Designing a strength program for athletes is more like finding the pieces of a puzzle and then putting the puzzle together. When there are injuries, bad posture or poorly designed workouts, bad stuff happens. That is why it is so important to try and find all of the pieces of the puzzle and get them to fit together the right way.
When I visited Martin Rooney several years ago, and we got into the dynamic / CNS intensive warm-up, he noticed that I moved like a slug stuck in maple syrup…in January. Yes, we squatted, deadlifted, lunged, cossack squatted, prowler’d, but dynamic movements – ones that really ‘turned on’ the CNS and recruited more higher threshold motor units (HTMU) – were limited to loaded power movements in our programming. The revelation was that power movements like Olympic lifts, medicine ball drills and dynamic effort barbell work, is much different than power skips, sprinting, and agility drills.
Yes, they are all important and you must find a balance. Neglecting a required movement skill will create an imbalance. We get so caught up in resistance training that we forget to how to move powerfully.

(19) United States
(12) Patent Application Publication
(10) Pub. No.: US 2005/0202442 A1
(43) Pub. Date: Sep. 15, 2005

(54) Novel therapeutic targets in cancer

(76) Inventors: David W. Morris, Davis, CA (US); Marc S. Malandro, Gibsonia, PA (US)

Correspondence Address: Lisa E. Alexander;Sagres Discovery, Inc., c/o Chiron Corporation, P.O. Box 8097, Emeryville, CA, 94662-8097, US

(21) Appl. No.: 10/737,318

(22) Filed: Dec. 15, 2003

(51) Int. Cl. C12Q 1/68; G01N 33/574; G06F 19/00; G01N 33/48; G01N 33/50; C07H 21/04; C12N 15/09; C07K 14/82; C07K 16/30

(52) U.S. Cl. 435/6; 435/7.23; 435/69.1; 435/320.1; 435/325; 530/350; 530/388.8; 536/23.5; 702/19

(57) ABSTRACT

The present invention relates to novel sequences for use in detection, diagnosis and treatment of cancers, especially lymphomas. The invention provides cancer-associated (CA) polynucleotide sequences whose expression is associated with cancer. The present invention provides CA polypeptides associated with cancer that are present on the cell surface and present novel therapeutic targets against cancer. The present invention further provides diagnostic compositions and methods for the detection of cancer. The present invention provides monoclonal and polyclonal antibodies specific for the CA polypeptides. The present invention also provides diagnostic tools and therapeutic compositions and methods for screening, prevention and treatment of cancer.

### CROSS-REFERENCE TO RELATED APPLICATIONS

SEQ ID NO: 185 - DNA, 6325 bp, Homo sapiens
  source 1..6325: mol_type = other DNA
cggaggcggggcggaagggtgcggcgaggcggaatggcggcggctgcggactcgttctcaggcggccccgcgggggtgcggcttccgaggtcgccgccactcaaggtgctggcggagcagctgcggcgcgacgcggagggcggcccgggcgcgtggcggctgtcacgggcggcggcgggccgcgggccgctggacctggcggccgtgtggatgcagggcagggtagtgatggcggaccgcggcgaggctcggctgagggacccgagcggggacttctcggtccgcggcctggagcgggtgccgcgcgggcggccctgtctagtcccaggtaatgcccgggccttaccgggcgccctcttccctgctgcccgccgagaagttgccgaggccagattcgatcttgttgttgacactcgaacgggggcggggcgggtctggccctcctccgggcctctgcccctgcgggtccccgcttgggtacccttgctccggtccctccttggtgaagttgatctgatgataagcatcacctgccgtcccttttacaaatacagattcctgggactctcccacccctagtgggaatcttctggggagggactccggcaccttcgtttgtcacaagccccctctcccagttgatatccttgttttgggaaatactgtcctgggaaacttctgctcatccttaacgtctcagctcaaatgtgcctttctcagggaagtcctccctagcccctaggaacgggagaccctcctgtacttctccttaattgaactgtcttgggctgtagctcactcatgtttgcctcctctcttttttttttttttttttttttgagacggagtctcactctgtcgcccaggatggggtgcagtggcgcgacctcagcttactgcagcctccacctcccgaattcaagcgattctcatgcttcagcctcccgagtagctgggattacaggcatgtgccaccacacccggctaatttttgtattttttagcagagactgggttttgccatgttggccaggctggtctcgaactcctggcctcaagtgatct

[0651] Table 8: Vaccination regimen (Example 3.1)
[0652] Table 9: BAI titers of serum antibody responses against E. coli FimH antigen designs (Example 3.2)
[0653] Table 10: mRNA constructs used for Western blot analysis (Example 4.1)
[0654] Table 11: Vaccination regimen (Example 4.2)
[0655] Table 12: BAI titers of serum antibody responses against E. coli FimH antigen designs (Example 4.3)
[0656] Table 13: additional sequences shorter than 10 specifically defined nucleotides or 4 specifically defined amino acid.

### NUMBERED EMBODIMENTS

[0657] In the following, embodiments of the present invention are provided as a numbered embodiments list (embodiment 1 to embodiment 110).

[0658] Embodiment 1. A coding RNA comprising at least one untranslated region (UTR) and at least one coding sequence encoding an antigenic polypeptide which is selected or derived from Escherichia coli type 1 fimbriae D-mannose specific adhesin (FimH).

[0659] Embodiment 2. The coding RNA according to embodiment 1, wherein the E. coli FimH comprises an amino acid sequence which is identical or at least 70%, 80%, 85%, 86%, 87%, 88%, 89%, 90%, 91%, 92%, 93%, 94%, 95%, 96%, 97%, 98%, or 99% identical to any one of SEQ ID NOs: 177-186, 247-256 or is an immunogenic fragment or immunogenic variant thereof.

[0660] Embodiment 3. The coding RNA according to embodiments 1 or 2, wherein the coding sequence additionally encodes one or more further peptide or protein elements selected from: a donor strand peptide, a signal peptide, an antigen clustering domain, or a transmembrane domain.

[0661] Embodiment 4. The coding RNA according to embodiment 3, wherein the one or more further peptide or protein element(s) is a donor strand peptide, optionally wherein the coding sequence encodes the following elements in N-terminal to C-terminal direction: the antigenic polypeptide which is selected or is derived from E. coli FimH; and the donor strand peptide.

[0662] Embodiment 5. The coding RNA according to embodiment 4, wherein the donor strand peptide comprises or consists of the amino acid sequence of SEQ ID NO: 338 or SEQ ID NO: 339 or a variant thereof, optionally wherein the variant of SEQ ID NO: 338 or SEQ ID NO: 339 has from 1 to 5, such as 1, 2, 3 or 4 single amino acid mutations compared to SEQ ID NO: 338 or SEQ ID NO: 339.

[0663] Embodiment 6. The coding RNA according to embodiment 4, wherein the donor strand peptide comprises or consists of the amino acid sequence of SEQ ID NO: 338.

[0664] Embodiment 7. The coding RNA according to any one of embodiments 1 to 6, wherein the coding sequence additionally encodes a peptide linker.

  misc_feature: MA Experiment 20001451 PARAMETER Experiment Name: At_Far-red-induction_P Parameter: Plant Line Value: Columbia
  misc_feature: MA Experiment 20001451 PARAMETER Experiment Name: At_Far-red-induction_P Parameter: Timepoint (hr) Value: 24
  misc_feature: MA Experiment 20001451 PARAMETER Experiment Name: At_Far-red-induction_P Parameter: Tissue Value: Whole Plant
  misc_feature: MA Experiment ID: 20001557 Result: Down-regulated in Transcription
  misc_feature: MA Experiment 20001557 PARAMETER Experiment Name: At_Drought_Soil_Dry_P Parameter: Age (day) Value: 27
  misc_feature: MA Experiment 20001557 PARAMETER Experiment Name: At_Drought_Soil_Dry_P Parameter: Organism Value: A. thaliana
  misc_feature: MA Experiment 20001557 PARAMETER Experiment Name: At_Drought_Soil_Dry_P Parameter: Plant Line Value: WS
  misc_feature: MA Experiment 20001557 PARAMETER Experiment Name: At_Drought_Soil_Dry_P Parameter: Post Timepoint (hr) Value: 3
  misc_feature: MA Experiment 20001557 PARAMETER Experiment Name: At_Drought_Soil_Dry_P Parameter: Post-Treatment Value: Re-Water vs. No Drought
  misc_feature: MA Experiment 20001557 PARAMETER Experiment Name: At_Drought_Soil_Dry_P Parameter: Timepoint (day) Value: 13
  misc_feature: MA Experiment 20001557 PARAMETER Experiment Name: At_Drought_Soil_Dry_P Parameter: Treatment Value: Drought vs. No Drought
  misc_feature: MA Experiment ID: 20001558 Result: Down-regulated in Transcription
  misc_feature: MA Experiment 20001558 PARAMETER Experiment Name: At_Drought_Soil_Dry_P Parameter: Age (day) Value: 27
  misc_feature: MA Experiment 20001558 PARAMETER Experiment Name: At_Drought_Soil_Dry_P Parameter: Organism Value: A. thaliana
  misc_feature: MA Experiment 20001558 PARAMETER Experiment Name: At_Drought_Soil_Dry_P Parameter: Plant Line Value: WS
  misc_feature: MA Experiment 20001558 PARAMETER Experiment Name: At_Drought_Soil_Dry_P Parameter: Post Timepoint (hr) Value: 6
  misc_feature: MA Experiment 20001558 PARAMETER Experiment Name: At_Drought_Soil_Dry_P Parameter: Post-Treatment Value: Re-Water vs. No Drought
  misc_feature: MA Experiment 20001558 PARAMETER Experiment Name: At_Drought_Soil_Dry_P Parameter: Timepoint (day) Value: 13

Learning how to actually use your body and move it fast, is a skill that you lose over time. And we had lost it. I remember a story that my friend Joe Dowdell – owner of Peak Performance in NYC – tells of the fitness industry’s over-exaggeration of removing all core-specific exercises from many programs. He stated that after sticking to isometric exercises for his core work, he had trouble sitting up after bench pressing.
Just like we can have a weakness in a particular muscle group, we can have a weakness or limitation in our movement. The SAID principle and Law of Specificity is real son! Or more simply, if you don’t use it, you lose it.
In this video, Martin goes into detail of what happens when you lose the ability to move and you DON’T create a comprehensive strength profile.